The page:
The equi-length parallel nanowires held by the dissolvable substrate. (e.g., as in FIG. 3D) are useful for a variety of device applications, including vertical nano-scale circuit interconnections and tactile sensor devices, as described in U.S. application Ser. No. 09/405,641, filed Sep. 24, 1999 by inventor Jin, which is incorporated herein by reference, pending. Advantageously for certain applications, at least a portion of the nanowires may be coated with a thin film or coating 36 of an electrically conductive and preferably bondable (solderable) metal or alloy (e.g., FIGS. 4A-4C). Optionally an adhesion-promoting layer (not shown) may be deposited between the coating 36 and the nanowire 14. Metallizing the nanowires may be helpful to ensure that there is electrical conduction along the length of the nanowires. The coating 36 may be applied to at least a portion of the nanowires and comprise a thin film of electrically conductive and preferably bondable (solderable) metal or alloy, for example, a solderable metal film such as Au, Ag, Pd, Rh, Ni, Cu, In, Sn, or a solder alloy film such as Au—Sn, Sn—Ag, Pb—Sn, Bi—Sn, In—Sn, or In—Ag. In the case of carbon nanotubes or nitride-type nanowires, the adhesion-promoting interface layer between the coating and nanowire may comprise a carbide- or nitride-forming element (e.g., Ti, Mo, Nb, V, Fe, W, Zr). The solderable layer as well as the adhesion-promoting layer can be added onto the nanowire surface by a number of processing approaches such as physical vapor deposition (sputtering, evaporation, ion-beam deposition), chemical vapor deposition, electroless or electrolytic deposition, or a combination of deposition techniques. Alternatively, the adhesion-promoting element may be pre-incorporated into the solder or solderable coating layer itself as an alloying element. To further promote the adhesion between the nanowire surface and the deposited adhesion-promoting layer, or between the adhesion-promoting layer and the solderable layer, an optional adhesion-enhancing heat treatment may be added, e.g., at about 100-900° C. for 0.1 to 100 hours, in an inert or vacuum atmosphere.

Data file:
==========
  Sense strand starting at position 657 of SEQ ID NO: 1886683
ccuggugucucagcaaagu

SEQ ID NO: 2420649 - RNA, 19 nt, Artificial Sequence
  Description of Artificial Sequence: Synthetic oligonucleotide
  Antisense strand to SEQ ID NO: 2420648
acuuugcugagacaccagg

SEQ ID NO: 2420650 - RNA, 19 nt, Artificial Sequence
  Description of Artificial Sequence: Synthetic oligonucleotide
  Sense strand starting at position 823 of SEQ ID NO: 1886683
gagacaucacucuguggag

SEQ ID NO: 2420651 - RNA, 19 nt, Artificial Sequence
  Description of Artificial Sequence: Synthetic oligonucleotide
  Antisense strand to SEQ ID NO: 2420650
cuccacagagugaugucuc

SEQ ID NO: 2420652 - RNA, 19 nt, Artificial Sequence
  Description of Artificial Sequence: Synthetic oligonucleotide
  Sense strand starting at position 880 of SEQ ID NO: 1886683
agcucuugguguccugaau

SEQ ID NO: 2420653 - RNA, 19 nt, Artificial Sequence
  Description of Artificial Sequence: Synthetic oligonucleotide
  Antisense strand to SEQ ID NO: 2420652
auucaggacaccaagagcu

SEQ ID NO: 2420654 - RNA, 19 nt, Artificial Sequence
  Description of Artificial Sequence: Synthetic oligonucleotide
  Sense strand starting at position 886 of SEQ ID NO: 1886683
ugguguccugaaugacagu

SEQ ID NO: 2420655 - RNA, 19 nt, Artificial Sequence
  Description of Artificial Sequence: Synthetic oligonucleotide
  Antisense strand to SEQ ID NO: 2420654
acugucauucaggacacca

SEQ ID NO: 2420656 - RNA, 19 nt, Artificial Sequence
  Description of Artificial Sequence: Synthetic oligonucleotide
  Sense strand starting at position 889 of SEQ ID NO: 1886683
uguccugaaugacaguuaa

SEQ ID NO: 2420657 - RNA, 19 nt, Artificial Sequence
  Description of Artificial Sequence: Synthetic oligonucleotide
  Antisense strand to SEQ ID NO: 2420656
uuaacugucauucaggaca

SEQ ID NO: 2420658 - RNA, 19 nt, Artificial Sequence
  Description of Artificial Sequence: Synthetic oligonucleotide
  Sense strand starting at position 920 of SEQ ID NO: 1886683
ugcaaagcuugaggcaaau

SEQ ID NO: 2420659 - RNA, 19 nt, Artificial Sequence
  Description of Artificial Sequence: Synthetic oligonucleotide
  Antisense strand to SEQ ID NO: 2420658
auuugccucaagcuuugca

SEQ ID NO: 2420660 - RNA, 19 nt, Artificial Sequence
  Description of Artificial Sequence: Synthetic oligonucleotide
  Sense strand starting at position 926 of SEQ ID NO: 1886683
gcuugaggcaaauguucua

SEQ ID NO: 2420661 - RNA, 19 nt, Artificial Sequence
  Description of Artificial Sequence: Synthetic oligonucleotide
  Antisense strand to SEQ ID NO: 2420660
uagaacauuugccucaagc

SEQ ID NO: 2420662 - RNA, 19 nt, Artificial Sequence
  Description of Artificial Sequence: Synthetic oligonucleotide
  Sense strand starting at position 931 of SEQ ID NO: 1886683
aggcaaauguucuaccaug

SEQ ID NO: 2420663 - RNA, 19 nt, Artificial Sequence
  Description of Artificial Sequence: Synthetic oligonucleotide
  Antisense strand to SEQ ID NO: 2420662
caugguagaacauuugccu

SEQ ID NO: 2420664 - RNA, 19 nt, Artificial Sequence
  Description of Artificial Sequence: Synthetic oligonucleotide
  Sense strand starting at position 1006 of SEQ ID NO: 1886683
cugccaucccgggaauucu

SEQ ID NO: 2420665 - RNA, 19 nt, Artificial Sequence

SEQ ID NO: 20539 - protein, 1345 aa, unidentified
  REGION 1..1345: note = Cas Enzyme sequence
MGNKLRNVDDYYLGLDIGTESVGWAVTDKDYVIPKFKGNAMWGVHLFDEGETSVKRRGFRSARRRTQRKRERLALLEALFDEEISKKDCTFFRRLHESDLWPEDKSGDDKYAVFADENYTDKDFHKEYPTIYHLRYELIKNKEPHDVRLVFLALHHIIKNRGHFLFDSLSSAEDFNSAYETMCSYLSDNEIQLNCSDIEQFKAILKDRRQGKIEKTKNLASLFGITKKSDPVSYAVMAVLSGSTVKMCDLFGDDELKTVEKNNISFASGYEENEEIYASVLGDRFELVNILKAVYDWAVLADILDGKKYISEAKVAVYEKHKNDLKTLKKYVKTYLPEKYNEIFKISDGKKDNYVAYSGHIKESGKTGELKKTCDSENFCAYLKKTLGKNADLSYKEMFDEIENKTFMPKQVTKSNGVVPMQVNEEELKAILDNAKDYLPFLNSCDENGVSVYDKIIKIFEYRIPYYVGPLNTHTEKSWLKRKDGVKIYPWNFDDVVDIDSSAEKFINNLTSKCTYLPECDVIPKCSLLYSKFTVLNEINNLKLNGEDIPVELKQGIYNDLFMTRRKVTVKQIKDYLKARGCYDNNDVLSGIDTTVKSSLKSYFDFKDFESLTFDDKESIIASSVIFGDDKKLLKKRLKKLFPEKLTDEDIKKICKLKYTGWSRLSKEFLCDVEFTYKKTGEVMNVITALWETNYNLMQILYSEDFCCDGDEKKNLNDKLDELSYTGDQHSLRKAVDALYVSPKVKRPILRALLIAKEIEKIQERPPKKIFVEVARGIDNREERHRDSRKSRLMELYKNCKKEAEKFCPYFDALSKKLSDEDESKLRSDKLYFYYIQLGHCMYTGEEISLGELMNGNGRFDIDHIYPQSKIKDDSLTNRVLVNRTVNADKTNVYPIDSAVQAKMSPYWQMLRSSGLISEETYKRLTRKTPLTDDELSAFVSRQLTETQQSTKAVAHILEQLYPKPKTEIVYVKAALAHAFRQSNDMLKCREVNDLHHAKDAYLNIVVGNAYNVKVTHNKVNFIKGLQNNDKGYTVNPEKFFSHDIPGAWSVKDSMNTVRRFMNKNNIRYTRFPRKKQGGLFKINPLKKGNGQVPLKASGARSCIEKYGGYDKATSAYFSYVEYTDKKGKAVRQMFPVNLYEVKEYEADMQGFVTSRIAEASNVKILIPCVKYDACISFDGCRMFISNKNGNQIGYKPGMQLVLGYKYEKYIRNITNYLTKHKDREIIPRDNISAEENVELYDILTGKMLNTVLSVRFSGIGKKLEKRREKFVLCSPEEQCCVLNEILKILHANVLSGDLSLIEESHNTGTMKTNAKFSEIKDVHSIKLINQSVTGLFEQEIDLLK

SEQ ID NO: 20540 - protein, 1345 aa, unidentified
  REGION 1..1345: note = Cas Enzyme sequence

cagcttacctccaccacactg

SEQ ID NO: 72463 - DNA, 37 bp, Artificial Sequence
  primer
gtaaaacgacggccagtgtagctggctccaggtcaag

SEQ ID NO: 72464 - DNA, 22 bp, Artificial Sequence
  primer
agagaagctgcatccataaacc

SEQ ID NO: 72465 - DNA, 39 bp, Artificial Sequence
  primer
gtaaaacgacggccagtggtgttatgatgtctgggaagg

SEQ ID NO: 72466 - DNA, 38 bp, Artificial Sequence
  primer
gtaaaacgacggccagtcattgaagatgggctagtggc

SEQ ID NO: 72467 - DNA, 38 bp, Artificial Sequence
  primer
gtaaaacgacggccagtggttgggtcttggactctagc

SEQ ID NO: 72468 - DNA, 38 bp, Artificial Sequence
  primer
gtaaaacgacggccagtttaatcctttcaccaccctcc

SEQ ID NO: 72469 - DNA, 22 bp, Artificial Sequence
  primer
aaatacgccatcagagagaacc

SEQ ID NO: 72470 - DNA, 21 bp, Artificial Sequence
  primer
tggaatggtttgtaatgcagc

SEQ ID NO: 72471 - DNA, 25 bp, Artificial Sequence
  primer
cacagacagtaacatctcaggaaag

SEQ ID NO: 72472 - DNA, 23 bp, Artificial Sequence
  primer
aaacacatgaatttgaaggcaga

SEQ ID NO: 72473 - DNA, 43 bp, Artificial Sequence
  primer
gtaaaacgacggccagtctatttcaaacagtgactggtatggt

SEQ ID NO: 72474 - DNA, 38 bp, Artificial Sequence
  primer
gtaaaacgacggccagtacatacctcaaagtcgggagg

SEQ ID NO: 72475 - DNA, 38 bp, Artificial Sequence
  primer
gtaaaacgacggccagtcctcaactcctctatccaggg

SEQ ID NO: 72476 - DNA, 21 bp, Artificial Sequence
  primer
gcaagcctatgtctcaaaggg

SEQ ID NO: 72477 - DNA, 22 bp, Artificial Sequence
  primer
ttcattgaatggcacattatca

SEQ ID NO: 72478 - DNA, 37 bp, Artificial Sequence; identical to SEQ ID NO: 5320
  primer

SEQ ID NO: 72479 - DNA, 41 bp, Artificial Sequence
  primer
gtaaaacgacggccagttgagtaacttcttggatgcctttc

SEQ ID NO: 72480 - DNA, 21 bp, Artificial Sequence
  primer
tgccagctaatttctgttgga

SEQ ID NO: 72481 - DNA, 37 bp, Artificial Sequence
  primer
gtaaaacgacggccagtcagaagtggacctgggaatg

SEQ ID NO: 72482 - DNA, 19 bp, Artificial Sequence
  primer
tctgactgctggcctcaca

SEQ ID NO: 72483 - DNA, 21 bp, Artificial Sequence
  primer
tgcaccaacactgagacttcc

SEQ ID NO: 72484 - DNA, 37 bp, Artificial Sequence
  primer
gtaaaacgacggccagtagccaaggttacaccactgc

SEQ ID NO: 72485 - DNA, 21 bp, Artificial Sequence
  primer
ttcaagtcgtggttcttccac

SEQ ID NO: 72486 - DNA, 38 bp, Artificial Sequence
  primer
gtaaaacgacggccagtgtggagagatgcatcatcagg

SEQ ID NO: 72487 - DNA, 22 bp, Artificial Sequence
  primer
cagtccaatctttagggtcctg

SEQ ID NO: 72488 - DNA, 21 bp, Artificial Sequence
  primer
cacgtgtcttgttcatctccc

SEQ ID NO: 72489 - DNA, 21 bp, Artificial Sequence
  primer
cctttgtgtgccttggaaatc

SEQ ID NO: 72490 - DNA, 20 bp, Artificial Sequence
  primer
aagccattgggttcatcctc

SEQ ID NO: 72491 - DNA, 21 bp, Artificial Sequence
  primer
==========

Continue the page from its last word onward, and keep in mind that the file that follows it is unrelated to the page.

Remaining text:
FIGS. 4A-C illustrate the metallic coating 36 as applied with various techniques. FIG. 4A, for example, shows a line-of-sight deposition of metal atoms via physical vapor deposition. The deposition is performed along a lateral direction, e.g., following arrows “d”, such that the metal is concentrated on one side of the nanowires. A more uniform deposition over the surface of the nanowires can be obtained by a modified process, e.g., by rotating the substrate during the deposition. An electrochemical method for depositing the metal (for example, electrolytic or electroless deposition) can produce a preferentially localized deposition as shown in FIG. 4B. This preferential deposition can occur due to a generally higher electrolyte concentration or higher (concentrated) current density near the tips of the nanowires. A non-uniform profile also may be obtained with CVD processing, with the uniformity of the coating dependent on various processing parameters, such as the speed at which the metal ions travel, the gas atom transfer to the deposition site, and the speed at which the coating is deposited. Slower and more controlled deposition processing can result in metallic coatings 36 of substantially uniform thickness along the length of the nanowires, as shown in FIG. 4C. The desirable thickness of the metallic or solderable layer as well as the interface adhesion-promoting layer (if needed) is typically in the range of 0.5-50 nanometers, and preferably is in the range of 1-20 nanometers.